By tracing the possible origin of your last name, you can learn more about your ancestors who first bore the surname and, ultimately, handed it down to you. Surname meanings can sometimes tell a story about your family that goes back hundreds of years. It can reflect where they lived, their profession, a description of them physically, or their own ancestry. The establishment of a family name would have started by class, with the wealthy landowners using them for identification before rural peasants. It may have changed over the decades, so some ancestors' names may take some creativity in searching.
If you know your ethnic origin, you may be able to find out more about your last name through lists of meanings and etymologies by ethnicity. If you are not sure of the name's origin, try starting with the 100 most popular U.S. surnames.
Generational Name Changes
In a patronymic method, a person may have decided his last name would trace his family line by who his father was: Johnson (son of John) or Olson (son of Ole), for example. This name wouldn't be applied to the whole family, however. For a time, the surnames changed with each generation. In an example of such a system, Ben Johnson's son would then be Dave Benson. Another person establishing a last name might have chosen the name based on where he lived (such as Appleby, a city or a farm raising apples, or Atwood), his job (Tanner or Thatcher), or some defining characteristic (such as Short or Red, which may have morphed into Reed) which could also change by generation.
The establishment of permanent surnames for a group of people could have happened anywhere from the second century to the 15th century - or even much later. In Norway, for example, permanent last names started becoming the practice in about 1850 and were widespread by 1900. But it didn't actually become law to adopt a permanent last name there until 1923. It can also be tricky to identify which person is which in a search, as families may have similar naming orders for sons and daughters, for example, with the first-born son always named John.
When searching for the origin or etymology of your surname, consider that your last name may not have always been spelled the way it is today. Even through at least the first half of the 20th century, it is not unusual to see the same individual's last name spelled in many different ways from record to record. For example, you might see the seemingly easy-to-spell surname Kennedy spelled as Kenedy, Canady, Kanada, Kenneday, and even Kendy due to clerks, ministers, and other officials spelling the name as they heard it pronounced. Sometimes, alternate variants stuck and were passed down to future generations. It is even not that uncommon to see siblings passing down different variants of the same original surname.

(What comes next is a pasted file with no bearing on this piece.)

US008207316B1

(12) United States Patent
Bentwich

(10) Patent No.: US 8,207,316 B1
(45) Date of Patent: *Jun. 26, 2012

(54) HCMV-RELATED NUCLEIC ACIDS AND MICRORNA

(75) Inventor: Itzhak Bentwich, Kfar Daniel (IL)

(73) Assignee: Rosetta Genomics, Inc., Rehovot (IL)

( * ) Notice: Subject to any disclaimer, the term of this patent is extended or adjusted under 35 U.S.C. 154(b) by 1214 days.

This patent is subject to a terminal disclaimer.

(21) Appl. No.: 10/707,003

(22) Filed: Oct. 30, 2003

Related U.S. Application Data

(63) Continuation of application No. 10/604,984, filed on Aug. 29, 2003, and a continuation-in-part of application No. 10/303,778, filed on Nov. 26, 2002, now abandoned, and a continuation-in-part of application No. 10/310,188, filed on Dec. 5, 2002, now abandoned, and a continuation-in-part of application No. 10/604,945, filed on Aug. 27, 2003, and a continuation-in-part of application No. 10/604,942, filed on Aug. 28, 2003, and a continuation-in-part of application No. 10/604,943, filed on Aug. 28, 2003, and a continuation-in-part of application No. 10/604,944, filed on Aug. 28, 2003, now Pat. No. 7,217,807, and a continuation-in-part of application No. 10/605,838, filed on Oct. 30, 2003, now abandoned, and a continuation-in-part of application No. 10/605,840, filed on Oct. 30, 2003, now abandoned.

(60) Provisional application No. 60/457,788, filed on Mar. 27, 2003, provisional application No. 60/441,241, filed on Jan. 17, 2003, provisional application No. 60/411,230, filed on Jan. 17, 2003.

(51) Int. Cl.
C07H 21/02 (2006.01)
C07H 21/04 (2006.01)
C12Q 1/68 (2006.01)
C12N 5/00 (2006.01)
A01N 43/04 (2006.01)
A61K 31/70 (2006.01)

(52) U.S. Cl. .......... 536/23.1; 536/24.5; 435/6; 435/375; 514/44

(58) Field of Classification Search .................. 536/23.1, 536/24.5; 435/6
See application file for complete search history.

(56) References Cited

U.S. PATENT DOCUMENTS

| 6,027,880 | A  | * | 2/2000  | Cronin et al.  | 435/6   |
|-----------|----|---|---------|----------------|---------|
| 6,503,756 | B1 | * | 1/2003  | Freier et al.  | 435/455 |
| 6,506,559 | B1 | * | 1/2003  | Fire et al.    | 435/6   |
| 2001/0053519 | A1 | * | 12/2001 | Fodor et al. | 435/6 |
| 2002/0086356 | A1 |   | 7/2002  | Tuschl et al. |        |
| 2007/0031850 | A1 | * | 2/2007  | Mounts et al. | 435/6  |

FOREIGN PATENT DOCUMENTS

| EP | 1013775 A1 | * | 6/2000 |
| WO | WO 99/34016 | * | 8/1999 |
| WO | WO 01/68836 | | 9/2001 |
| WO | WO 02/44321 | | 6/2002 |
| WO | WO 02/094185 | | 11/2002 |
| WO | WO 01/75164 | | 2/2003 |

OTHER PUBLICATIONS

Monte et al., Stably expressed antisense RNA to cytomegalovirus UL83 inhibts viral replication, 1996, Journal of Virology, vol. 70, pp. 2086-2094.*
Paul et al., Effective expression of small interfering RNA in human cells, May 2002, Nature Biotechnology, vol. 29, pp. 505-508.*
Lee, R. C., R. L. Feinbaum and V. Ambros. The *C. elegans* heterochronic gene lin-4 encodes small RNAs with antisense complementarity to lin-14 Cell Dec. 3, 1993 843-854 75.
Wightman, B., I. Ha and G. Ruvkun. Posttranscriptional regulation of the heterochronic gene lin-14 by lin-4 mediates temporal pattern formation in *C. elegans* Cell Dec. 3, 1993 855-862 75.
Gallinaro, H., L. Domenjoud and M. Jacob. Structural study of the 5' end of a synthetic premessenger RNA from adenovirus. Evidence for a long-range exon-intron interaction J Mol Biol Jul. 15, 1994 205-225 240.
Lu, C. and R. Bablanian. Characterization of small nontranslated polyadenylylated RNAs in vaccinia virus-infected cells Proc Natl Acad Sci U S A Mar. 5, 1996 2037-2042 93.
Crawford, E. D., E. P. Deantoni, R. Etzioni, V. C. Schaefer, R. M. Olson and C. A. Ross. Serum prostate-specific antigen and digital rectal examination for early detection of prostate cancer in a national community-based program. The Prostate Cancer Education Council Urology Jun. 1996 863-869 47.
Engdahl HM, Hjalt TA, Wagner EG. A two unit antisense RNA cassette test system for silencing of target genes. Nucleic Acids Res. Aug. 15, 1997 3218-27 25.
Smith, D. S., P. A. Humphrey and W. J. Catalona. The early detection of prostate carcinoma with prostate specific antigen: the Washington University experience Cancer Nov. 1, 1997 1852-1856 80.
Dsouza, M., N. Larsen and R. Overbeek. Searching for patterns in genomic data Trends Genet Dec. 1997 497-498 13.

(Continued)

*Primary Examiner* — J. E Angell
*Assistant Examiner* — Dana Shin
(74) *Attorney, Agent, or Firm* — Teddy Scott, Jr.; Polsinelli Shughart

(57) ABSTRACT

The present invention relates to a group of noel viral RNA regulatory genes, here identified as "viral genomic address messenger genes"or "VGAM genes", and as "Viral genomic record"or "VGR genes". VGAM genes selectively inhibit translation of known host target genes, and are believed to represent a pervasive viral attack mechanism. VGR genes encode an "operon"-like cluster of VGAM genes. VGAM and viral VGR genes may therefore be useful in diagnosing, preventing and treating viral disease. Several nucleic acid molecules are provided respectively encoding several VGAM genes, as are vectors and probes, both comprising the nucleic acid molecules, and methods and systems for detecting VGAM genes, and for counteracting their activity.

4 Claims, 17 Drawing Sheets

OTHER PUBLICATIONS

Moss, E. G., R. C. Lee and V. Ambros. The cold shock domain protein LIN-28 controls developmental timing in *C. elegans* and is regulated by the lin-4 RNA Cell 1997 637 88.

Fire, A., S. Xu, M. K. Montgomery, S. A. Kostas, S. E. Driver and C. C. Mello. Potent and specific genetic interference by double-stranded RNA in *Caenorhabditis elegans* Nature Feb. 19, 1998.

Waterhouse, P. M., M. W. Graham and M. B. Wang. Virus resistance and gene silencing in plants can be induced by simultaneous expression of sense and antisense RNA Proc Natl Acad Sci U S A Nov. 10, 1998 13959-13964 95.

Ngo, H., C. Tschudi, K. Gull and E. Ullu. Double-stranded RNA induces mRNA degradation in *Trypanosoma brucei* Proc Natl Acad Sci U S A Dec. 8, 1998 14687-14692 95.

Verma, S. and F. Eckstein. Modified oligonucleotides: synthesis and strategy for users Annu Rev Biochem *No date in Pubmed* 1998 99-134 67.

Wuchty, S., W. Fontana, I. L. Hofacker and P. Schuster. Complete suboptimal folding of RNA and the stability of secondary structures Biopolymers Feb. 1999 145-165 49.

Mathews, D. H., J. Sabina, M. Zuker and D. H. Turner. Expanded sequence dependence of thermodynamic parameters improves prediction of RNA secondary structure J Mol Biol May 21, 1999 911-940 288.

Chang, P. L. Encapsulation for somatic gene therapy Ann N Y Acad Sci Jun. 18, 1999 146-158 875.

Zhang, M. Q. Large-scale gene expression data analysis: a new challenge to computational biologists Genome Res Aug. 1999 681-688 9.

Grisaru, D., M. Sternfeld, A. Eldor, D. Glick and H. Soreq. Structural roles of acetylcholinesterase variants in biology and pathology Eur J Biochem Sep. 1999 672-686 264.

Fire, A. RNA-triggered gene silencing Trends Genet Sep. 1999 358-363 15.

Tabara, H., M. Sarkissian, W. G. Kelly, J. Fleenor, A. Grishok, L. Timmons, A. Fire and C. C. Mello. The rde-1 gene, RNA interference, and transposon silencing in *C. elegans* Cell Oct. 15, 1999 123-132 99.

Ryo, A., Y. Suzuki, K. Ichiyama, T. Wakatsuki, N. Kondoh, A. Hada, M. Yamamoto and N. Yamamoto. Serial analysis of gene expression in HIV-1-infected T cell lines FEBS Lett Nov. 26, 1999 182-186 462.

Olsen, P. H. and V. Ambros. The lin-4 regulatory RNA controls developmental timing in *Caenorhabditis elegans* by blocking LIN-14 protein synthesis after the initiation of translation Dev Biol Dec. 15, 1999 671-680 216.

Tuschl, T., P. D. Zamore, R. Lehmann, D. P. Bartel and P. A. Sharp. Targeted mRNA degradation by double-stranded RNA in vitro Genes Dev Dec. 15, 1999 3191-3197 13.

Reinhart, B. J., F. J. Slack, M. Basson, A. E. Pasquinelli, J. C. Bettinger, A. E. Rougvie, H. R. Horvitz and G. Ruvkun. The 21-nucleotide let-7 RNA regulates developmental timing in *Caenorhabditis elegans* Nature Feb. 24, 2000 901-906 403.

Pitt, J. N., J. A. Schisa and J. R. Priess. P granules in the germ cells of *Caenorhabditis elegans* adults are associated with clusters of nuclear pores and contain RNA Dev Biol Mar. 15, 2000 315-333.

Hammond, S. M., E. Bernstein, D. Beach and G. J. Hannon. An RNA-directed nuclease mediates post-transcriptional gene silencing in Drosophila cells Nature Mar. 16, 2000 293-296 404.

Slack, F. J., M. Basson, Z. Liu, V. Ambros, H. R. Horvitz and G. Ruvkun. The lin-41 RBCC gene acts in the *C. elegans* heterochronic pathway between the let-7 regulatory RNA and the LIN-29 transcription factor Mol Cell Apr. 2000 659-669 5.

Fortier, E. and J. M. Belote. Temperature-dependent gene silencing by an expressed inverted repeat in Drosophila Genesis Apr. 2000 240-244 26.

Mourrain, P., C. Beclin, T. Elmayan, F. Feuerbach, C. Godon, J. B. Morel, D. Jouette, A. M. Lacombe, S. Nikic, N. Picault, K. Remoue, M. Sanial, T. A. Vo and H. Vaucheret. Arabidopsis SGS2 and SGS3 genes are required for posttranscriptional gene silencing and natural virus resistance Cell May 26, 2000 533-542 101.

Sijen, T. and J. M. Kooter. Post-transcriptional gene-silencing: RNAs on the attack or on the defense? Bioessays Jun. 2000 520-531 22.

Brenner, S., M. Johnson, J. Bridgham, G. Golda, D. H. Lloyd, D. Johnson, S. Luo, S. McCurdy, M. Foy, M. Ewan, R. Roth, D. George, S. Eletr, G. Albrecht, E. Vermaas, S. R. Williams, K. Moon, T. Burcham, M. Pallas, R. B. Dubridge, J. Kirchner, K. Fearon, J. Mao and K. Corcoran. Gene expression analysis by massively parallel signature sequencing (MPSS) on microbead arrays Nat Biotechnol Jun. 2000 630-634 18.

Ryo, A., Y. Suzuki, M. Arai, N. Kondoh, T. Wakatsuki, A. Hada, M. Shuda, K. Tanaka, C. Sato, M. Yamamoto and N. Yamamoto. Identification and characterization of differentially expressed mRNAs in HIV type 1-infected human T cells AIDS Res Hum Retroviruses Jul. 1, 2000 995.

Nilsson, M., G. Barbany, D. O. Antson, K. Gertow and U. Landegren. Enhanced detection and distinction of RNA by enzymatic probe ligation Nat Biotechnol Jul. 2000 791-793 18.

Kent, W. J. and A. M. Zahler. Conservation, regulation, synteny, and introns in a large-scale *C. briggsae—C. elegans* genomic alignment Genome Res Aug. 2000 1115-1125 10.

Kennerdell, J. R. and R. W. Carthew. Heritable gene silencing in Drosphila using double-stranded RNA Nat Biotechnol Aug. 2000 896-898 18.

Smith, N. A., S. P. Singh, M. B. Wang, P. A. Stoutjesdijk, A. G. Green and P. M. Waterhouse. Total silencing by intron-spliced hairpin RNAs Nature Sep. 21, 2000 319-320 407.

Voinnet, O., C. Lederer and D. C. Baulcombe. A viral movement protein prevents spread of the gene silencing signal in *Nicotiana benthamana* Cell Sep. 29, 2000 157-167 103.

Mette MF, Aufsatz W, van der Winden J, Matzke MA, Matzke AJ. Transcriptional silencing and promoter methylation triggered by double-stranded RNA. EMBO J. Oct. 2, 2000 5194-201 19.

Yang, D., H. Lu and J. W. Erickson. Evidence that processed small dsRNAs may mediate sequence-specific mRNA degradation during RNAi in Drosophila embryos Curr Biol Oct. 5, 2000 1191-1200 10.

It's a myth, the Smithsonian says, that immigrants to the United States often had their last names "Americanized" by Ellis Island inspectors as they came off the boat. Their names would have first been written down on the ship's manifest when the immigrants boarded in their country of origin. The immigrants themselves could have changed their names to sound more American, or their names could have been difficult to understand by the person taking it down. If a person transferred ships during the journey, the spelling could change from ship to ship. The inspectors at Ellis Island processed people based on the languages they themselves spoke, so they may have been making corrections to spellings when immigrants arrived.
If the people you're searching had names spelled in a different alphabet, such as immigrants from China, the Middle East, or Russia, the spellings could vary widely among census, immigration, or other official documents, so be creative with your searches.
Research Tips for Common Names
All the background knowledge about how names came about and could have changed is well and good, but how do you go about actually searching for a particular person, especially if the surname is common? The more information you have on a person, the easier it will be to narrow down the information.
- Learn as much about the person as possible. Birth and death dates are very helpful to narrow people down, and if you can add a middle name, so much the better. But even knowing his or her occupation could help separate your ancestor from another one in the same town.
- Keep a list of the person's dates as you find them to help narrow down search results, as minor children wouldn't be buying land or paying taxes, for example.
- If you can, connect the person to someone with a more unusual name. If you know the person married someone in a certain year or had a sibling of a certain age, that can help narrow your search.
- Learn about the person's connections as much as possible. Knowing one person's city address in a census year can help you find his or her children or siblings - or anyone else who lived in the same household - because old census records went street by street.
- Land and tax records can help narrow down the right person in a rural setting or they can help exclude the rural folks from a city dweller. Keep track of plat identifying information. Two cousins named Robert Smith may have lived near each other, so having land parcel numbers (and finding them on a map) can help separate the men and their family groups.
- Try "wildcard" searches using asterisks in place of some letters, so you don't have to get the name spelled perfectly in your searches.
- Digging through scores of records can be frustrating, but staying organized with charts can help narrow down whether you've already crossed off one particular John Jones from your list or whether another from a similar age and city is actually the person you're seeking.
Ault, Alicia. "Did Ellis Island Officials Really Change the Names of Immigrants?" Smithsonian, December 28, 2016.